Post title extracted from this post, which robustly praises romance novels. Here’s another excerpt:
Then when I was sixteen, after a few years of not reading any romance novels, I picked up Judith McNaught’s Something Wonderful on a complete whim.
It was a revelation.
For the first time, I found myself fully engaged by a romance novel. I couldn’t put it down. The heroine was adorable, and any urge to shake her stemmed from fond exasperation, not a desire to dislocate her brainstem. The hero was yet another aristocratic asshole, but he was also vulnerable and sweet. And the conflict was fun and compelling, despite the eye-rolling misunderstandings. (I say this with love, but almost all of McNaught’s conflicts go something like this: Hero: “You’re a whore and out to use me! See this circumstantial evidence here? Proof you’re a whore. Also, my parents never loved me. Wah.” Heroine: “I’m not a whore, I’m just a painful combination of beautiful, spunky and naÃ¯ve. Also, I have horrible, manipulative relatives, and I’m willfully blind to this fact because non-clueless heroines won’t come into fashion until about ten years after this book is published. Wah.”)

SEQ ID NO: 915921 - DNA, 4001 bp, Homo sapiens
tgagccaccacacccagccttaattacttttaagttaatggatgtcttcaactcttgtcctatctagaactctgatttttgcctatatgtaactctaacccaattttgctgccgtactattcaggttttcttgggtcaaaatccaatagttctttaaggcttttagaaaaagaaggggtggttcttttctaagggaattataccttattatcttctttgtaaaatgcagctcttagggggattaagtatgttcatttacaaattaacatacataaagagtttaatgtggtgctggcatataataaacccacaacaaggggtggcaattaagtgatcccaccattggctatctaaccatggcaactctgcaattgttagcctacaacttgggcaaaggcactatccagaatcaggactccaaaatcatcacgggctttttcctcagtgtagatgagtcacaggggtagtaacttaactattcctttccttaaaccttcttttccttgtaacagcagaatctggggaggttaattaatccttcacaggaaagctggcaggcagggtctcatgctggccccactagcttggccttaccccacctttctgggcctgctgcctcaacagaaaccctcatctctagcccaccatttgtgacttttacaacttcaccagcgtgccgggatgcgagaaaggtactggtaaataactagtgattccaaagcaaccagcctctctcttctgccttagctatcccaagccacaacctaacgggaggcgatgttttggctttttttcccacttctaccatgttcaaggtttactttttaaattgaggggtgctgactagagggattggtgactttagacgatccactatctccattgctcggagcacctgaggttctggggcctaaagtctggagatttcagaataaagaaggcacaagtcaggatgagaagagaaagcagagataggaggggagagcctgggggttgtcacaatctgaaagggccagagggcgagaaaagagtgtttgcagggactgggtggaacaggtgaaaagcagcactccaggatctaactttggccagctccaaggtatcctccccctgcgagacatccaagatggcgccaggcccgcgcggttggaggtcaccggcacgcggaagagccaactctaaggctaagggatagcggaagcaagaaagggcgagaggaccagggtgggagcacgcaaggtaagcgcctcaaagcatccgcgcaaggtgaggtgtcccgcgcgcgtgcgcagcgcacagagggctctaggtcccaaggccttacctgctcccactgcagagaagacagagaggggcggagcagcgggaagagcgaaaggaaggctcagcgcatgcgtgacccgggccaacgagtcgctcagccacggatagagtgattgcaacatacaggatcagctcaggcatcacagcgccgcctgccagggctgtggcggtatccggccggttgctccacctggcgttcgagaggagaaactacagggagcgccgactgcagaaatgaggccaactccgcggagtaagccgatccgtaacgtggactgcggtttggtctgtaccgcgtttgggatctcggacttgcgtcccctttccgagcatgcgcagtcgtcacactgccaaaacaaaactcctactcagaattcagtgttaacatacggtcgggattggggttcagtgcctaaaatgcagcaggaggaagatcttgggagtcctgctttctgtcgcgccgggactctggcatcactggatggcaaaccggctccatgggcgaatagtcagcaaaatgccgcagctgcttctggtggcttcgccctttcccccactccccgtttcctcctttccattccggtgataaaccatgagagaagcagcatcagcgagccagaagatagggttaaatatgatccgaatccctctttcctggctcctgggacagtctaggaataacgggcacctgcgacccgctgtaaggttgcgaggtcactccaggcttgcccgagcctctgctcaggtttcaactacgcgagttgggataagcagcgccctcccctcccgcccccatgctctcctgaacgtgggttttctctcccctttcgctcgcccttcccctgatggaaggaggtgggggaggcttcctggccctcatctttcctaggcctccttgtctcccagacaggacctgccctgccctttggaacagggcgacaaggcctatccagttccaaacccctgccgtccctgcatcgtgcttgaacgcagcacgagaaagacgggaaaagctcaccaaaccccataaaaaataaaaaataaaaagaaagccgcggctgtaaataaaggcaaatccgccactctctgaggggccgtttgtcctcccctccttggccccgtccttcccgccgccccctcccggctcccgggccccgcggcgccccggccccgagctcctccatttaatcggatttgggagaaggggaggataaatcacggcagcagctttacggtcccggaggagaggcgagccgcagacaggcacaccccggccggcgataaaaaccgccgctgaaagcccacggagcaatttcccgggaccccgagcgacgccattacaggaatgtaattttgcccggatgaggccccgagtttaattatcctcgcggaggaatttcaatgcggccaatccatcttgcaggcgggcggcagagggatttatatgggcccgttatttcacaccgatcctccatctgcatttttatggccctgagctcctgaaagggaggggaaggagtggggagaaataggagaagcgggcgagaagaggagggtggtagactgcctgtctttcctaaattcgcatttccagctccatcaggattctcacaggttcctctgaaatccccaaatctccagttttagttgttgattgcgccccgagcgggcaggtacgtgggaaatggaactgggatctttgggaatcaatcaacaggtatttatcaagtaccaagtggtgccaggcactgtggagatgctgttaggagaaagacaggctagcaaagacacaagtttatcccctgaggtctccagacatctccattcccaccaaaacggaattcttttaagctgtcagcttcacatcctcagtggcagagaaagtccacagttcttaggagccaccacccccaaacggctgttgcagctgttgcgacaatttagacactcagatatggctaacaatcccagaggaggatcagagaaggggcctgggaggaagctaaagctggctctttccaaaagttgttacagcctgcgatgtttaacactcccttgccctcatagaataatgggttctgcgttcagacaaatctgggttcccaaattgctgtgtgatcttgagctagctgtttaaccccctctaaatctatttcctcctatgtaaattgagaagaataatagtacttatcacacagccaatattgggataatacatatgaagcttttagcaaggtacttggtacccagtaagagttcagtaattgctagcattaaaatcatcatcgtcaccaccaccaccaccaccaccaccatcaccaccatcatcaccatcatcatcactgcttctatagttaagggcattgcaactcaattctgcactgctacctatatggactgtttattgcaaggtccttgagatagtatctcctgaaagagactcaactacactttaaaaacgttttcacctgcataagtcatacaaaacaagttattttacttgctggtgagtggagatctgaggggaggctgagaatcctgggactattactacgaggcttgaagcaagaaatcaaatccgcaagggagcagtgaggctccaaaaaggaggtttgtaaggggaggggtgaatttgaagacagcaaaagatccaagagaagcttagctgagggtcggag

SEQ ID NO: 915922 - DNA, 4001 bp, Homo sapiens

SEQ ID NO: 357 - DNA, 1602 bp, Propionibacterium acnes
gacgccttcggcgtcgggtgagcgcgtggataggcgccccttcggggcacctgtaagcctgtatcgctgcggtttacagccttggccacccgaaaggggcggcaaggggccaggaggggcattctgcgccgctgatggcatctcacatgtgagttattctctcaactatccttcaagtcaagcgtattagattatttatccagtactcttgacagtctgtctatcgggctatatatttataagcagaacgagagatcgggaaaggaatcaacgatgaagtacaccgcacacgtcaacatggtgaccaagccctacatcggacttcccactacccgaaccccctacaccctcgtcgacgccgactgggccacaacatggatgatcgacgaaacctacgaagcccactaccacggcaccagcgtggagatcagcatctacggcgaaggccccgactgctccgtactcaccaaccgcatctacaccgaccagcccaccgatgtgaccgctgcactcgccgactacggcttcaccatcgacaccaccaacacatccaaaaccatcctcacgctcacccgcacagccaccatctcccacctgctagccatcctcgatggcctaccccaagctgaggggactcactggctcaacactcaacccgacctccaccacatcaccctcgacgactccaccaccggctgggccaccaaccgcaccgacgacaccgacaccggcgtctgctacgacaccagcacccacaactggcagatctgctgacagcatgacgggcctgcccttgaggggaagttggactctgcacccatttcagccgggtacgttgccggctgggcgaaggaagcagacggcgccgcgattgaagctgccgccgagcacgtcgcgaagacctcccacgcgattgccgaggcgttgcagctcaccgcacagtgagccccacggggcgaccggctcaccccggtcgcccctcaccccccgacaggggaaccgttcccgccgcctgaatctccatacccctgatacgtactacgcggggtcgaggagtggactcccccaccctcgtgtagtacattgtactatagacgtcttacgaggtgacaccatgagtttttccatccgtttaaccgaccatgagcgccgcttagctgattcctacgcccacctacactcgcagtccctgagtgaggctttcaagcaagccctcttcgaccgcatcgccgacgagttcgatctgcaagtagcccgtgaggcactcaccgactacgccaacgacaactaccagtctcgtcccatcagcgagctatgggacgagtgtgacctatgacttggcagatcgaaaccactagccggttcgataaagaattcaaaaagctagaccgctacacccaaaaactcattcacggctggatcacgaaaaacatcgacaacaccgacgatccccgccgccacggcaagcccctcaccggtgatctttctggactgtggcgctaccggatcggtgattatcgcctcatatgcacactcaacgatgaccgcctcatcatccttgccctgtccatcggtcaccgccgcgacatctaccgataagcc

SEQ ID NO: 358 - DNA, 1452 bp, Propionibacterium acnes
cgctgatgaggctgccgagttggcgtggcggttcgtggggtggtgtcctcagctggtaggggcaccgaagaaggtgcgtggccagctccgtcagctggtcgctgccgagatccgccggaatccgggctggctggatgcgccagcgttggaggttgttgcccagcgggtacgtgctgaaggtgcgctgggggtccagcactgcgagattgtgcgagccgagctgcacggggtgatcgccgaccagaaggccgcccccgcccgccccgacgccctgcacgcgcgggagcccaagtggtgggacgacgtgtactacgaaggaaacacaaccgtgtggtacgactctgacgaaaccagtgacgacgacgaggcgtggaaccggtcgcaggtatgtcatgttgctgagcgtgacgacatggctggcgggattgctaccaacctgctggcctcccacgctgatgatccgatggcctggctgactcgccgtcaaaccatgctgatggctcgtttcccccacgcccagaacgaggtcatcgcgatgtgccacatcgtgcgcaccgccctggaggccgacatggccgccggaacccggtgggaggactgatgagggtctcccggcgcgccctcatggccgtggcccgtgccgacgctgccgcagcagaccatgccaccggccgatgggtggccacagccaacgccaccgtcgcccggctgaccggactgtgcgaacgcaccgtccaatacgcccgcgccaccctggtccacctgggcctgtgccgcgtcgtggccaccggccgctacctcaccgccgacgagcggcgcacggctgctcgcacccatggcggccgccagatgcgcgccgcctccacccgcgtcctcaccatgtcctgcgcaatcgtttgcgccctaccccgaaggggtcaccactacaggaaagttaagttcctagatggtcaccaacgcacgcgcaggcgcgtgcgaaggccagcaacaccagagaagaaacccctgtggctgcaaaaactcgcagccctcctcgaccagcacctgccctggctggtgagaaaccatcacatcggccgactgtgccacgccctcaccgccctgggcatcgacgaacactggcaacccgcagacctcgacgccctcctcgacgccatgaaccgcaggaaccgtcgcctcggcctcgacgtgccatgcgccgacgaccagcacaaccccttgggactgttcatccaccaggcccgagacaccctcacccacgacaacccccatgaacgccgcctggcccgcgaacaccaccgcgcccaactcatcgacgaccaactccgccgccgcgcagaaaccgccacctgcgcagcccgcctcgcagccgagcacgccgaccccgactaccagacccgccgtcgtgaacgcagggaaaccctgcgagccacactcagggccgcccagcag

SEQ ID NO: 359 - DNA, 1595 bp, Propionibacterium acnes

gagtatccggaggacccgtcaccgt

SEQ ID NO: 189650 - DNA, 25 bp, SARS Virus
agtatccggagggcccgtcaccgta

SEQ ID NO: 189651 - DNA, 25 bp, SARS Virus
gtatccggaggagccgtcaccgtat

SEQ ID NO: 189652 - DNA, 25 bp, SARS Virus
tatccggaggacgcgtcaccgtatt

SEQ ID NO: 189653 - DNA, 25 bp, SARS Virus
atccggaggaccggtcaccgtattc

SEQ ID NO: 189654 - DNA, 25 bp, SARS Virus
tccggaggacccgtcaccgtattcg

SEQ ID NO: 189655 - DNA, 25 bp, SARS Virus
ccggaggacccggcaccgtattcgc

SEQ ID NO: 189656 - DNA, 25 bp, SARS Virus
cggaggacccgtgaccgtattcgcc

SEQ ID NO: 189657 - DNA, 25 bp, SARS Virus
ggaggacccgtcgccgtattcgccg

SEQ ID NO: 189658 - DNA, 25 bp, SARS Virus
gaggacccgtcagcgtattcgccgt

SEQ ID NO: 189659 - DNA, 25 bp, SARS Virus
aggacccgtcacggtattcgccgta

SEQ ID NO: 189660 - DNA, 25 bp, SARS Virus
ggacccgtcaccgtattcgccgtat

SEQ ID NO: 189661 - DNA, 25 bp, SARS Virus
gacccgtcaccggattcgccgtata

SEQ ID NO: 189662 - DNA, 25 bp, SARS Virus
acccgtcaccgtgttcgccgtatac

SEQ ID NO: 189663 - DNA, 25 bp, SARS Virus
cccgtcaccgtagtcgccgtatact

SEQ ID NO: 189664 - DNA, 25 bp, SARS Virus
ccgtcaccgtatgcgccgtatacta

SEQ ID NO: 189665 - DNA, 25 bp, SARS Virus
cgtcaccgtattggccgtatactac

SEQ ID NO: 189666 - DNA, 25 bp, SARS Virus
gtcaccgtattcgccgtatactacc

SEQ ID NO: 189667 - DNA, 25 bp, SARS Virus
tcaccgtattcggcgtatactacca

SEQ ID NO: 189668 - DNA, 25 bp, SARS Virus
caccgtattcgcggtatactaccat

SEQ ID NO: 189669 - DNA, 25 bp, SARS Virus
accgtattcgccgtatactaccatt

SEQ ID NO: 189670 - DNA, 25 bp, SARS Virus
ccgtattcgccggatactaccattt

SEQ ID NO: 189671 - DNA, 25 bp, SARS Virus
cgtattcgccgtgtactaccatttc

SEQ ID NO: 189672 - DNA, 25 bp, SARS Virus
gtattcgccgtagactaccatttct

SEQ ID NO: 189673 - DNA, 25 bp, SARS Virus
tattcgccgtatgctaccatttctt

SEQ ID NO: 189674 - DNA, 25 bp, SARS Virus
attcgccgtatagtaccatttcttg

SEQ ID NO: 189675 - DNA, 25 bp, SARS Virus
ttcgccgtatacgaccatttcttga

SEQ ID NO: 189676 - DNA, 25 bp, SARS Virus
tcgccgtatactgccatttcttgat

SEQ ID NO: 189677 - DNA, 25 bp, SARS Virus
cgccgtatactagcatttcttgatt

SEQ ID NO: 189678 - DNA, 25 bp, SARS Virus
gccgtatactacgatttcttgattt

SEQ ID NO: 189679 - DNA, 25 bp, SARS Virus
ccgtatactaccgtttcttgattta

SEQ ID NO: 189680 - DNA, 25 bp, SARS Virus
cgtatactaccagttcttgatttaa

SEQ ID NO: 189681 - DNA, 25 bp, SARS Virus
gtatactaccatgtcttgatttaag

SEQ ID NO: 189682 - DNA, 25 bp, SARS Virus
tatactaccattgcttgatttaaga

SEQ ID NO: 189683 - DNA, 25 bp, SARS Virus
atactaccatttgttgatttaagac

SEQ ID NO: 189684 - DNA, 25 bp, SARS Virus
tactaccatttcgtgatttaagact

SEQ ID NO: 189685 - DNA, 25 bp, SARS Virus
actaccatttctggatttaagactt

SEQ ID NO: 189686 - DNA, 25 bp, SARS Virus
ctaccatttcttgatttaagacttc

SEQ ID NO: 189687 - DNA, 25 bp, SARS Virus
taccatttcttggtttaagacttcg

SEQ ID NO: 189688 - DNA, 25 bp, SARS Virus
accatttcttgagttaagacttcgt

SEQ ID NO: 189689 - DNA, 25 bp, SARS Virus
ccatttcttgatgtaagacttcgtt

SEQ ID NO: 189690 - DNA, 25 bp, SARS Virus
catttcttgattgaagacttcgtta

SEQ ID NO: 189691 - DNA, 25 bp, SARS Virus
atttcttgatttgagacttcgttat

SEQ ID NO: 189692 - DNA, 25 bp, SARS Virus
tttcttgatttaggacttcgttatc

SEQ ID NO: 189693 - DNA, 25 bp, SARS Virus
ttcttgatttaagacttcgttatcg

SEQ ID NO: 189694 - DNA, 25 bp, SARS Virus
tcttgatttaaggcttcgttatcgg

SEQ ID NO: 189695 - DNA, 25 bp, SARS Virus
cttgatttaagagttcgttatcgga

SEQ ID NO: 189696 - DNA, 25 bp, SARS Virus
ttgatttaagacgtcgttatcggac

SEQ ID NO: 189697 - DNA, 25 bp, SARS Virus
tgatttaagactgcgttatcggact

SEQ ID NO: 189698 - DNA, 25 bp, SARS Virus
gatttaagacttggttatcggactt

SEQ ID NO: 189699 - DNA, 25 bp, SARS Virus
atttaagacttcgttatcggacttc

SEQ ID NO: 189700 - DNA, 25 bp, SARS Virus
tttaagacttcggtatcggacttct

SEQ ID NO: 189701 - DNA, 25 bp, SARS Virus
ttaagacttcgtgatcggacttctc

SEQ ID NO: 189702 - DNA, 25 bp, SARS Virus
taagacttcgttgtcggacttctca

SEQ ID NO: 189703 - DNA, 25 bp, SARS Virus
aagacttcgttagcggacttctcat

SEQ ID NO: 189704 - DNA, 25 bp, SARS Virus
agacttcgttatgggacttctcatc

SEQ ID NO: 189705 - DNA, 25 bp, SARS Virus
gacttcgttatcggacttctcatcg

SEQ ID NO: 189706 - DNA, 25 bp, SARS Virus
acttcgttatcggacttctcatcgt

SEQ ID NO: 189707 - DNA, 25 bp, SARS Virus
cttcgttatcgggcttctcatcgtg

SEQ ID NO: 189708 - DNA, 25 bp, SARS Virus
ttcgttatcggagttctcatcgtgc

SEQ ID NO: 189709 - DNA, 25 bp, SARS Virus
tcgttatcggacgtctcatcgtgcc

I read that book in one glorious sleep-deprived rush, then ran back to the store and grabbed all the other McNaught novels I could find. Once I’d ploughed my way through all of them, I looked for even more romances I liked. I was no longer daunted by the crap I encountered along the way because I had learned something valuable: there was indeed such a thing as a romance novel worth reading.
For a scholarly take on romance novels, see “Reading the Romance: Women, Patriarchy and Popular Literature,” by Janice A. Radway (reviewed here).